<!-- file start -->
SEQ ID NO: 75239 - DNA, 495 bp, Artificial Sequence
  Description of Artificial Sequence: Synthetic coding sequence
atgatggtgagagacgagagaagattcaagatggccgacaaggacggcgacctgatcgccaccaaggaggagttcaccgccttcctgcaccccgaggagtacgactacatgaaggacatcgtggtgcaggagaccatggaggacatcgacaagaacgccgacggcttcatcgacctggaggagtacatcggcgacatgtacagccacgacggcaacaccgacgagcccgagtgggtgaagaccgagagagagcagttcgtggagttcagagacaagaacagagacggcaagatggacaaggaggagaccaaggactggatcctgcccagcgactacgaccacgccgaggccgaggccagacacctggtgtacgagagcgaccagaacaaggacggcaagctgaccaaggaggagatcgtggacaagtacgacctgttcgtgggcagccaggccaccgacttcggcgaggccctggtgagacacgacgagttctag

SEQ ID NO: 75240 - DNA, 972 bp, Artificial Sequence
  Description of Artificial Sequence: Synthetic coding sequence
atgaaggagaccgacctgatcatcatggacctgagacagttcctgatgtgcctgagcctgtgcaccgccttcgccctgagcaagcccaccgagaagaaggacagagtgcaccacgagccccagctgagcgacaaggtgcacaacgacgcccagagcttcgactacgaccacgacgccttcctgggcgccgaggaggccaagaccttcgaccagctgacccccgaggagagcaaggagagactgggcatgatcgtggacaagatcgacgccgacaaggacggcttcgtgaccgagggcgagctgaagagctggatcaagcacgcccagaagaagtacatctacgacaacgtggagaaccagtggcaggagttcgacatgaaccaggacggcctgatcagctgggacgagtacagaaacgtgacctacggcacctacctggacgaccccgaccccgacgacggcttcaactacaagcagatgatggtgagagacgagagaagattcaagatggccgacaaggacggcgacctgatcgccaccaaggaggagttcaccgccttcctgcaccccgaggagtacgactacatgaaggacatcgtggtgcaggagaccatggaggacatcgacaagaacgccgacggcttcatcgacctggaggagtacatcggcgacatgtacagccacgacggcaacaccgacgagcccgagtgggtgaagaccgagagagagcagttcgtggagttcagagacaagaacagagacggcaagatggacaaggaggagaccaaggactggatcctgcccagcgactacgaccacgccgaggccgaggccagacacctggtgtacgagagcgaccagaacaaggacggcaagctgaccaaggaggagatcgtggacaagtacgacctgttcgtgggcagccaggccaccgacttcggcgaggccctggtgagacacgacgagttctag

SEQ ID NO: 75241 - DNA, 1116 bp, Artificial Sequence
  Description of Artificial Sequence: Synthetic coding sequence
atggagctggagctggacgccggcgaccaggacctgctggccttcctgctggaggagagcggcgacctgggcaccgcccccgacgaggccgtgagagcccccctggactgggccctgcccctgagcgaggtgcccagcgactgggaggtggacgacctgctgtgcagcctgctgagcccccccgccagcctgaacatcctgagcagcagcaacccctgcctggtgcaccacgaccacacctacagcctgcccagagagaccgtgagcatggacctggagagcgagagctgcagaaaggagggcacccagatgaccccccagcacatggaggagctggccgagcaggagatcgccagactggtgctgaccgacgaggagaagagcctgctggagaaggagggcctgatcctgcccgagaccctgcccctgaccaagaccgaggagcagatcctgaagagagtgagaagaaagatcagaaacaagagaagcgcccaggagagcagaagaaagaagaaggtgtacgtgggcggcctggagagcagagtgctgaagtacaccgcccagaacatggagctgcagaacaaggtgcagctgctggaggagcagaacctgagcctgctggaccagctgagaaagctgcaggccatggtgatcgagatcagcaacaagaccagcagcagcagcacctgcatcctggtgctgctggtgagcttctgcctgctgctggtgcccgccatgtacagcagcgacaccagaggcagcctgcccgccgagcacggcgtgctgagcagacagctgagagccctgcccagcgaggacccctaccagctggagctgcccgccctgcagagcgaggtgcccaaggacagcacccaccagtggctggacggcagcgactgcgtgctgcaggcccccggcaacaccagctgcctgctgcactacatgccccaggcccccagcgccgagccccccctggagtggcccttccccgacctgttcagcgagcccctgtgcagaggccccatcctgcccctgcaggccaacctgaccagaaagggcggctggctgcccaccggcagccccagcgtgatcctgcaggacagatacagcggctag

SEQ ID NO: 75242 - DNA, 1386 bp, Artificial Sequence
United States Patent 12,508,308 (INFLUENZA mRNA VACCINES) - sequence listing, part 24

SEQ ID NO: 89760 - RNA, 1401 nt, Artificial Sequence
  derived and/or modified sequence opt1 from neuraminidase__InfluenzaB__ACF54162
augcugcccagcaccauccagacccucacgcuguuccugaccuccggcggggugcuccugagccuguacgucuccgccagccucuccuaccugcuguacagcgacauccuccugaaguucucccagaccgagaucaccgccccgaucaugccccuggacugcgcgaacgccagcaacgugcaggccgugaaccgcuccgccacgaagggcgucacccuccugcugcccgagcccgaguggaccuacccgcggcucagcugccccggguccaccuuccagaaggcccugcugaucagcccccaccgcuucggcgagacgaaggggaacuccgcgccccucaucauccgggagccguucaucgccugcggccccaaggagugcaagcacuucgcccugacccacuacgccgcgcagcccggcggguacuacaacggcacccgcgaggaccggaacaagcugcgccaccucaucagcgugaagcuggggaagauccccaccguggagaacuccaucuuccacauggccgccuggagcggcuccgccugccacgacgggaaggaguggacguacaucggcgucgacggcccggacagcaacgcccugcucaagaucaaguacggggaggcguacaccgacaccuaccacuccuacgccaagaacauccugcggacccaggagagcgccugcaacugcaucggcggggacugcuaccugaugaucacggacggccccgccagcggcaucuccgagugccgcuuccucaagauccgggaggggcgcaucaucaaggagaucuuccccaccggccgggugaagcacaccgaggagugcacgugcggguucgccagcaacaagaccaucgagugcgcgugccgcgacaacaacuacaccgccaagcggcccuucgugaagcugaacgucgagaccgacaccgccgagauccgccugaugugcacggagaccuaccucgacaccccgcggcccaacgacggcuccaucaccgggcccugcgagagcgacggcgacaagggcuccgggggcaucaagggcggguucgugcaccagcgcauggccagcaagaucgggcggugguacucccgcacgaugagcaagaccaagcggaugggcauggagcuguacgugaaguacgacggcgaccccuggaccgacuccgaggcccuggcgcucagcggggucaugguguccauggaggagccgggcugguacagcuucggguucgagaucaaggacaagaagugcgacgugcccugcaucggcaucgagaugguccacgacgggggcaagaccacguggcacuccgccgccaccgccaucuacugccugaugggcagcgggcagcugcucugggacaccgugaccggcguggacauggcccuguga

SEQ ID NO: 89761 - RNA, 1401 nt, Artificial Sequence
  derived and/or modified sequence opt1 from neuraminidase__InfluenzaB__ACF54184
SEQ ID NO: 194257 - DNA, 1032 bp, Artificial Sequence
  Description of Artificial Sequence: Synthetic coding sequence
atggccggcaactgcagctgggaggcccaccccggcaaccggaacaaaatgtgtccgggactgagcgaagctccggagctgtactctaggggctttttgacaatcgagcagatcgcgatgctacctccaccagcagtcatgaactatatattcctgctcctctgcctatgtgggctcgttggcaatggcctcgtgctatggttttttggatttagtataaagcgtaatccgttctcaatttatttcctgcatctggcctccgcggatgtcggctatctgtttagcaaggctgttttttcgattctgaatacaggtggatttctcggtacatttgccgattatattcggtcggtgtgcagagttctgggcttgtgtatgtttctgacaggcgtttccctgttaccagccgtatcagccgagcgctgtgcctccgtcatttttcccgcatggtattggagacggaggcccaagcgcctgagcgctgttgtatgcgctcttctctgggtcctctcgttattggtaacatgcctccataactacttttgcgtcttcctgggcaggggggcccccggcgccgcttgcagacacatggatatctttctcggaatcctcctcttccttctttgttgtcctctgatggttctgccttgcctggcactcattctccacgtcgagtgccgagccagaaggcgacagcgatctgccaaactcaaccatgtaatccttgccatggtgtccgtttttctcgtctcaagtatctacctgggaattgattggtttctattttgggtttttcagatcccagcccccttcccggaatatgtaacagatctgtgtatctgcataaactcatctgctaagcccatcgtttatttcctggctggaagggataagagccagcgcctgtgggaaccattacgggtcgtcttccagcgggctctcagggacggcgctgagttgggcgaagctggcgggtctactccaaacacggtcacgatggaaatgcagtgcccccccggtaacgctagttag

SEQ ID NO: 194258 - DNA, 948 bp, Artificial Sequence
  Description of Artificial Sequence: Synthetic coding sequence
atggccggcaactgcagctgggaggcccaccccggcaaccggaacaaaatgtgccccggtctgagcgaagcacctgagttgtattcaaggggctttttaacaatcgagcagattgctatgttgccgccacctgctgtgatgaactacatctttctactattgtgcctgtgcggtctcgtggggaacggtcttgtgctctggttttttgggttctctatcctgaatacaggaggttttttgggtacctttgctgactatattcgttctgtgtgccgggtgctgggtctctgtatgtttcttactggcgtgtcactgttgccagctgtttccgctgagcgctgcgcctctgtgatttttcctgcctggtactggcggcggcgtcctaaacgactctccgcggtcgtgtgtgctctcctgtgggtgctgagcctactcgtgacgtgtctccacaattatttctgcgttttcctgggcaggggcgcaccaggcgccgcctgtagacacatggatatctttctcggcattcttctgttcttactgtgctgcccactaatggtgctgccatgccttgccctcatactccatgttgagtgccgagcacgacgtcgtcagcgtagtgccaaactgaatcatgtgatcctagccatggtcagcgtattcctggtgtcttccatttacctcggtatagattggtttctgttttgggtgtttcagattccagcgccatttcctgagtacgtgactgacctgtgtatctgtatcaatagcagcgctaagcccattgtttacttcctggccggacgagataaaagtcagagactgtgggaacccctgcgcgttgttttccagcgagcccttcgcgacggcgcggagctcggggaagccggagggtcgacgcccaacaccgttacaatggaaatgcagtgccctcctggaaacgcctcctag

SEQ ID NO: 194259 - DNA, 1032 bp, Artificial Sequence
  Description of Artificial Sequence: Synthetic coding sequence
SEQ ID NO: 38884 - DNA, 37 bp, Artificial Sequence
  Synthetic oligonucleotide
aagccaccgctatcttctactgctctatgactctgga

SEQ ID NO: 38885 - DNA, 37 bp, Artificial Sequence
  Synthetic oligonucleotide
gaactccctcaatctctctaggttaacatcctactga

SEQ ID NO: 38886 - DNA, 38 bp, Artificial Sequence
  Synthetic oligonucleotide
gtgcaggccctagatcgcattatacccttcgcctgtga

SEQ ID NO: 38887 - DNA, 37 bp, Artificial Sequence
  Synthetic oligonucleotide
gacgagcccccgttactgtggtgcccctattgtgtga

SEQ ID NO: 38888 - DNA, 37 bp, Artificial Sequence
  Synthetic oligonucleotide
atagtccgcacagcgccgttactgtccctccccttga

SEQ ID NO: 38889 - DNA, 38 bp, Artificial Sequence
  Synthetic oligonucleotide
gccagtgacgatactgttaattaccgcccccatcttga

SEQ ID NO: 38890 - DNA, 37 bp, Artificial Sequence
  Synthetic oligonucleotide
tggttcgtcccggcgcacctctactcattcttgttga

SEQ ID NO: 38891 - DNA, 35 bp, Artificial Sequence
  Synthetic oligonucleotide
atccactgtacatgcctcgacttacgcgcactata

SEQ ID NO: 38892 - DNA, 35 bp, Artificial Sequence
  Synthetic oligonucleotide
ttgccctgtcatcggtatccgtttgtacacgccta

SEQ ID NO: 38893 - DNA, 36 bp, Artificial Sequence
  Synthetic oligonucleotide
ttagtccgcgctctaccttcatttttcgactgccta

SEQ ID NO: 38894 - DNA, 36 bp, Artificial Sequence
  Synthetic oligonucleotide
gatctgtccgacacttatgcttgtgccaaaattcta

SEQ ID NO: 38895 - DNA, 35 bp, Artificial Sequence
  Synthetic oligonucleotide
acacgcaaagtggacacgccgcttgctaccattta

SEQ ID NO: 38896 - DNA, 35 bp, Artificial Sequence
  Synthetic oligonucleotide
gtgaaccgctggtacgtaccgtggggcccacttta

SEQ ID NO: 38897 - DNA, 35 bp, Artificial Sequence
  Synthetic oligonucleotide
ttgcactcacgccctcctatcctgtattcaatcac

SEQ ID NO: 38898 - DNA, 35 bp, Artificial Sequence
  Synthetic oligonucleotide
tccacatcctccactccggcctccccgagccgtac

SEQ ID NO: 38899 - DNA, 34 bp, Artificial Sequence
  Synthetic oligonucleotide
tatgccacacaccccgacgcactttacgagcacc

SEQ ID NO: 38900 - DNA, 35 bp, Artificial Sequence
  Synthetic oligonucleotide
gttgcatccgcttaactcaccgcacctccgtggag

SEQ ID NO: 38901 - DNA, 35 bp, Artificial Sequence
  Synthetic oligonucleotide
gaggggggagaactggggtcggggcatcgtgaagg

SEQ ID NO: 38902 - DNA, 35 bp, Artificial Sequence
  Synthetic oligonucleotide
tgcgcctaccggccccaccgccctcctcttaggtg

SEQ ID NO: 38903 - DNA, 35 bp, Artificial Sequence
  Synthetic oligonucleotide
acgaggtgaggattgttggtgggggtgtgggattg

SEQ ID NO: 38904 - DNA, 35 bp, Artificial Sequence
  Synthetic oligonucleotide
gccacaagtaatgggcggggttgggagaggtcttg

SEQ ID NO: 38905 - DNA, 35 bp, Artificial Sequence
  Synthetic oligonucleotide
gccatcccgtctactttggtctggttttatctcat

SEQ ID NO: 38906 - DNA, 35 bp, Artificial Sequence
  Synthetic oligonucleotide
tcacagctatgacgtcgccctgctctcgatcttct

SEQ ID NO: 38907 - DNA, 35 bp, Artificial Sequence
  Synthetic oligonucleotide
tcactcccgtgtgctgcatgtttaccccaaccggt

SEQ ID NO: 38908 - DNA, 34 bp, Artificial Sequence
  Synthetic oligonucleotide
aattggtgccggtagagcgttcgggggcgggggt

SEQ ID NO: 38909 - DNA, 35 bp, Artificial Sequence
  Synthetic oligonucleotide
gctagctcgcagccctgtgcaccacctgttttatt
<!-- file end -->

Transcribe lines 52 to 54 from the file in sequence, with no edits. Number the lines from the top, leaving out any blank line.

SEQ ID NO: 38893 - DNA, 36 bp, Artificial Sequence
  Synthetic oligonucleotide
ttagtccgcgctctaccttcatttttcgactgccta